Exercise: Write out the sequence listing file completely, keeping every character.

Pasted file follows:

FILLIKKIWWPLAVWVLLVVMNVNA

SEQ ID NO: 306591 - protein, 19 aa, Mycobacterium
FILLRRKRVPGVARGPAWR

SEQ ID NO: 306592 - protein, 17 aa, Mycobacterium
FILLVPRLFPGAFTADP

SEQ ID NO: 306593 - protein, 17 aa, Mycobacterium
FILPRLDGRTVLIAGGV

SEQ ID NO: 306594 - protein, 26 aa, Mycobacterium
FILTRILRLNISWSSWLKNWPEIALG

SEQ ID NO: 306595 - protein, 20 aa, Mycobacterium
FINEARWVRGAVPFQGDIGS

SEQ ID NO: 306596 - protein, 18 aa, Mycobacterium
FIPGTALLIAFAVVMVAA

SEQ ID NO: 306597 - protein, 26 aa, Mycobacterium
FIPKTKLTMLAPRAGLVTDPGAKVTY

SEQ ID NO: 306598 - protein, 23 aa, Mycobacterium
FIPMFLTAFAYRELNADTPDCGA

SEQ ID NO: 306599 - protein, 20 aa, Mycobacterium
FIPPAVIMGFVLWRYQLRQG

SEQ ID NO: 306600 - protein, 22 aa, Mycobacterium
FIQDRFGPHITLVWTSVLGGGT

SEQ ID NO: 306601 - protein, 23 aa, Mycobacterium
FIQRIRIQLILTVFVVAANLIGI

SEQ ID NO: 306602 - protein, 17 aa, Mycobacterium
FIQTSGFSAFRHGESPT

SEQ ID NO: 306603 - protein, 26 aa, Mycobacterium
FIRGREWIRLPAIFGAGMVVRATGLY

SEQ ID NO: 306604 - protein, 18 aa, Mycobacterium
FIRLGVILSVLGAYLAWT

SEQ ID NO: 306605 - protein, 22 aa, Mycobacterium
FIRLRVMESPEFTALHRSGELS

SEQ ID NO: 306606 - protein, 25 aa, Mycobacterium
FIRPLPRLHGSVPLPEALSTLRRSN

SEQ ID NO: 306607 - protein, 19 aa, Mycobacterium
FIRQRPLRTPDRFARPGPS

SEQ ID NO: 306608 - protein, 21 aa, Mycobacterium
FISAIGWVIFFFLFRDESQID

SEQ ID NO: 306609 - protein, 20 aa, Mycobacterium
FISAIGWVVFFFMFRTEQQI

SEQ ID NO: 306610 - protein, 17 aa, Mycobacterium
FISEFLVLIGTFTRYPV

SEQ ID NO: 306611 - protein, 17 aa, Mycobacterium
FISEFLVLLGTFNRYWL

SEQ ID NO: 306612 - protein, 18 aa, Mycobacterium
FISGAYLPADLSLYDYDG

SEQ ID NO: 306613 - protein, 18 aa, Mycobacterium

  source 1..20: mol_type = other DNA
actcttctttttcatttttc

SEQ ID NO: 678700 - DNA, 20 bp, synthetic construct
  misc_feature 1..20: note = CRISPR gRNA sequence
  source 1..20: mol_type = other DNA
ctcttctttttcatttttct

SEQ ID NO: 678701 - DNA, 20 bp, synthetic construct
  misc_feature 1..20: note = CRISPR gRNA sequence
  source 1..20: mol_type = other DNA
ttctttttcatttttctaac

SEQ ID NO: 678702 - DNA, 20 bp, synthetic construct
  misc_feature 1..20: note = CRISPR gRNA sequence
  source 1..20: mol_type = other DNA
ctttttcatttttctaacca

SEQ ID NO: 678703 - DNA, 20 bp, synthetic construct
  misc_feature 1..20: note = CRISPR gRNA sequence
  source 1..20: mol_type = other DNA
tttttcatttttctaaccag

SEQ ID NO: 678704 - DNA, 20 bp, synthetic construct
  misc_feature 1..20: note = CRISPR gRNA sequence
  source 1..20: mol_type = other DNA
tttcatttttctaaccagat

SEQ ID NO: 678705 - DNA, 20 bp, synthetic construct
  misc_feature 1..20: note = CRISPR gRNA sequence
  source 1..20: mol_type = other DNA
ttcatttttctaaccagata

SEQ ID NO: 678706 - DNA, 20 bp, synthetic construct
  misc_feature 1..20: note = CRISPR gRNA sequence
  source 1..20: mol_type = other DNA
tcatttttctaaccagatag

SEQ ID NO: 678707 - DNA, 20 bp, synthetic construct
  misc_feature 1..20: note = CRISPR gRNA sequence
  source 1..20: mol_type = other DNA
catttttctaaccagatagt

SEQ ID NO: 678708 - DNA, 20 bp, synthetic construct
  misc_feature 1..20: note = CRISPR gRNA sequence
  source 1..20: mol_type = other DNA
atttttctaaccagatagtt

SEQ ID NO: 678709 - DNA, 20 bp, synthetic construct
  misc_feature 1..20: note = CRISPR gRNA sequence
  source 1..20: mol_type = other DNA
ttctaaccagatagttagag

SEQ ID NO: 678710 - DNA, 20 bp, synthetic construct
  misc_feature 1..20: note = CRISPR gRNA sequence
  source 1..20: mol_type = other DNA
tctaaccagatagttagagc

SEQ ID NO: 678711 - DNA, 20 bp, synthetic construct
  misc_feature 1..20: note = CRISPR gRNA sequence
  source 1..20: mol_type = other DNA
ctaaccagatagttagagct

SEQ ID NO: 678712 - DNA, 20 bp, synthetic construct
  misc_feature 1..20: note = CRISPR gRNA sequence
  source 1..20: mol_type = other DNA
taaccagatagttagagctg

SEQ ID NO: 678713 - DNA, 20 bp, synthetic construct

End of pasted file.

FILLIKKIWWPLAVWVLLVVMNVNA

SEQ ID NO: 306591 - protein, 19 aa, Mycobacterium
FILLRRKRVPGVARGPAWR

SEQ ID NO: 306592 - protein, 17 aa, Mycobacterium
FILLVPRLFPGAFTADP

SEQ ID NO: 306593 - protein, 17 aa, Mycobacterium
FILPRLDGRTVLIAGGV

SEQ ID NO: 306594 - protein, 26 aa, Mycobacterium
FILTRILRLNISWSSWLKNWPEIALG

SEQ ID NO: 306595 - protein, 20 aa, Mycobacterium
FINEARWVRGAVPFQGDIGS

SEQ ID NO: 306596 - protein, 18 aa, Mycobacterium
FIPGTALLIAFAVVMVAA

SEQ ID NO: 306597 - protein, 26 aa, Mycobacterium
FIPKTKLTMLAPRAGLVTDPGAKVTY

SEQ ID NO: 306598 - protein, 23 aa, Mycobacterium
FIPMFLTAFAYRELNADTPDCGA

SEQ ID NO: 306599 - protein, 20 aa, Mycobacterium
FIPPAVIMGFVLWRYQLRQG

SEQ ID NO: 306600 - protein, 22 aa, Mycobacterium
FIQDRFGPHITLVWTSVLGGGT

SEQ ID NO: 306601 - protein, 23 aa, Mycobacterium
FIQRIRIQLILTVFVVAANLIGI

SEQ ID NO: 306602 - protein, 17 aa, Mycobacterium
FIQTSGFSAFRHGESPT

SEQ ID NO: 306603 - protein, 26 aa, Mycobacterium
FIRGREWIRLPAIFGAGMVVRATGLY

SEQ ID NO: 306604 - protein, 18 aa, Mycobacterium
FIRLGVILSVLGAYLAWT

SEQ ID NO: 306605 - protein, 22 aa, Mycobacterium
FIRLRVMESPEFTALHRSGELS

SEQ ID NO: 306606 - protein, 25 aa, Mycobacterium
FIRPLPRLHGSVPLPEALSTLRRSN

SEQ ID NO: 306607 - protein, 19 aa, Mycobacterium
FIRQRPLRTPDRFARPGPS

SEQ ID NO: 306608 - protein, 21 aa, Mycobacterium
FISAIGWVIFFFLFRDESQID

SEQ ID NO: 306609 - protein, 20 aa, Mycobacterium
FISAIGWVVFFFMFRTEQQI

SEQ ID NO: 306610 - protein, 17 aa, Mycobacterium
FISEFLVLIGTFTRYPV

SEQ ID NO: 306611 - protein, 17 aa, Mycobacterium
FISEFLVLLGTFNRYWL

SEQ ID NO: 306612 - protein, 18 aa, Mycobacterium
FISGAYLPADLSLYDYDG

SEQ ID NO: 306613 - protein, 18 aa, Mycobacterium

  source 1..20: mol_type = other DNA
actcttctttttcatttttc

SEQ ID NO: 678700 - DNA, 20 bp, synthetic construct
  misc_feature 1..20: note = CRISPR gRNA sequence
  source 1..20: mol_type = other DNA
ctcttctttttcatttttct

SEQ ID NO: 678701 - DNA, 20 bp, synthetic construct
  misc_feature 1..20: note = CRISPR gRNA sequence
  source 1..20: mol_type = other DNA
ttctttttcatttttctaac

SEQ ID NO: 678702 - DNA, 20 bp, synthetic construct
  misc_feature 1..20: note = CRISPR gRNA sequence
  source 1..20: mol_type = other DNA
ctttttcatttttctaacca

SEQ ID NO: 678703 - DNA, 20 bp, synthetic construct
  misc_feature 1..20: note = CRISPR gRNA sequence
  source 1..20: mol_type = other DNA
tttttcatttttctaaccag

SEQ ID NO: 678704 - DNA, 20 bp, synthetic construct
  misc_feature 1..20: note = CRISPR gRNA sequence
  source 1..20: mol_type = other DNA
tttcatttttctaaccagat

SEQ ID NO: 678705 - DNA, 20 bp, synthetic construct
  misc_feature 1..20: note = CRISPR gRNA sequence
  source 1..20: mol_type = other DNA
ttcatttttctaaccagata

SEQ ID NO: 678706 - DNA, 20 bp, synthetic construct
  misc_feature 1..20: note = CRISPR gRNA sequence
  source 1..20: mol_type = other DNA
tcatttttctaaccagatag

SEQ ID NO: 678707 - DNA, 20 bp, synthetic construct
  misc_feature 1..20: note = CRISPR gRNA sequence
  source 1..20: mol_type = other DNA
catttttctaaccagatagt

SEQ ID NO: 678708 - DNA, 20 bp, synthetic construct
  misc_feature 1..20: note = CRISPR gRNA sequence
  source 1..20: mol_type = other DNA
atttttctaaccagatagtt

SEQ ID NO: 678709 - DNA, 20 bp, synthetic construct
  misc_feature 1..20: note = CRISPR gRNA sequence
  source 1..20: mol_type = other DNA
ttctaaccagatagttagag

SEQ ID NO: 678710 - DNA, 20 bp, synthetic construct
  misc_feature 1..20: note = CRISPR gRNA sequence
  source 1..20: mol_type = other DNA
tctaaccagatagttagagc

SEQ ID NO: 678711 - DNA, 20 bp, synthetic construct
  misc_feature 1..20: note = CRISPR gRNA sequence
  source 1..20: mol_type = other DNA
ctaaccagatagttagagct

SEQ ID NO: 678712 - DNA, 20 bp, synthetic construct
  misc_feature 1..20: note = CRISPR gRNA sequence
  source 1..20: mol_type = other DNA
taaccagatagttagagctg

SEQ ID NO: 678713 - DNA, 20 bp, synthetic construct